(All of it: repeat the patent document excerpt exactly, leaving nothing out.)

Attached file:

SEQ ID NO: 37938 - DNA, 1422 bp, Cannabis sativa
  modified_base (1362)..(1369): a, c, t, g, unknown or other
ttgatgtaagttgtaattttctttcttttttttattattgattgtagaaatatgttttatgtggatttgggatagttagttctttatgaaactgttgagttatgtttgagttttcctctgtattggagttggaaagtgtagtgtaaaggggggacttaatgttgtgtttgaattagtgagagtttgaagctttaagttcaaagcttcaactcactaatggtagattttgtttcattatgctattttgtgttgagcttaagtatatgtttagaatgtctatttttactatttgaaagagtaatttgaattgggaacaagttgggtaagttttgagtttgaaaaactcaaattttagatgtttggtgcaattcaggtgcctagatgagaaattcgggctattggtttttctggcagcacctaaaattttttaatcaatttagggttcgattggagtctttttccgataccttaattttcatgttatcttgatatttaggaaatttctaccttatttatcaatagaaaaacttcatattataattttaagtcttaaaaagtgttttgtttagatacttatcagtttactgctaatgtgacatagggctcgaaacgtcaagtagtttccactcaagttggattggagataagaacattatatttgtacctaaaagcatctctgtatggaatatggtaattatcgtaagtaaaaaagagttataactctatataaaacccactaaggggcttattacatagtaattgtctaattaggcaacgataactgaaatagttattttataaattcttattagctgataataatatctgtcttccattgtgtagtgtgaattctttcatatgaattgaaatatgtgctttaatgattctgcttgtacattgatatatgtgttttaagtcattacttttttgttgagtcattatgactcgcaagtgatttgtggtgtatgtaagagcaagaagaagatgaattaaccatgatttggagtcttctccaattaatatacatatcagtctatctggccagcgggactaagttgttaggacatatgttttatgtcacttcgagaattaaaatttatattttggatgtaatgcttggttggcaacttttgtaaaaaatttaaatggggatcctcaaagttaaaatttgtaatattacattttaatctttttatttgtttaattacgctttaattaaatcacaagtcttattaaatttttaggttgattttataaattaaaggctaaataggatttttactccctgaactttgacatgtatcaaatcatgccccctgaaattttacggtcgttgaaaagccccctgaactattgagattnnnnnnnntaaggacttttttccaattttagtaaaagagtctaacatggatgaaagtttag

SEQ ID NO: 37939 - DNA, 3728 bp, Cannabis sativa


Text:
SEQ ID NO: 37938 - DNA, 1422 bp, Cannabis sativa
  modified_base (1362)..(1369): a, c, t, g, unknown or other
ttgatgtaagttgtaattttctttcttttttttattattgattgtagaaatatgttttatgtggatttgggatagttagttctttatgaaactgttgagttatgtttgagttttcctctgtattggagttggaaagtgtagtgtaaaggggggacttaatgttgtgtttgaattagtgagagtttgaagctttaagttcaaagcttcaactcactaatggtagattttgtttcattatgctattttgtgttgagcttaagtatatgtttagaatgtctatttttactatttgaaagagtaatttgaattgggaacaagttgggtaagttttgagtttgaaaaactcaaattttagatgtttggtgcaattcaggtgcctagatgagaaattcgggctattggtttttctggcagcacctaaaattttttaatcaatttagggttcgattggagtctttttccgataccttaattttcatgttatcttgatatttaggaaatttctaccttatttatcaatagaaaaacttcatattataattttaagtcttaaaaagtgttttgtttagatacttatcagtttactgctaatgtgacatagggctcgaaacgtcaagtagtttccactcaagttggattggagataagaacattatatttgtacctaaaagcatctctgtatggaatatggtaattatcgtaagtaaaaaagagttataactctatataaaacccactaaggggcttattacatagtaattgtctaattaggcaacgataactgaaatagttattttataaattcttattagctgataataatatctgtcttccattgtgtagtgtgaattctttcatatgaattgaaatatgtgctttaatgattctgcttgtacattgatatatgtgttttaagtcattacttttttgttgagtcattatgactcgcaagtgatttgtggtgtatgtaagagcaagaagaagatgaattaaccatgatttggagtcttctccaattaatatacatatcagtctatctggccagcgggactaagttgttaggacatatgttttatgtcacttcgagaattaaaatttatattttggatgtaatgcttggttggcaacttttgtaaaaaatttaaatggggatcctcaaagttaaaatttgtaatattacattttaatctttttatttgtttaattacgctttaattaaatcacaagtcttattaaatttttaggttgattttataaattaaaggctaaataggatttttactccctgaactttgacatgtatcaaatcatgccccctgaaattttacggtcgttgaaaagccccctgaactattgagattnnnnnnnntaaggacttttttccaattttagtaaaagagtctaacatggatgaaagtttag

SEQ ID NO: 37939 - DNA, 3728 bp, Cannabis sativa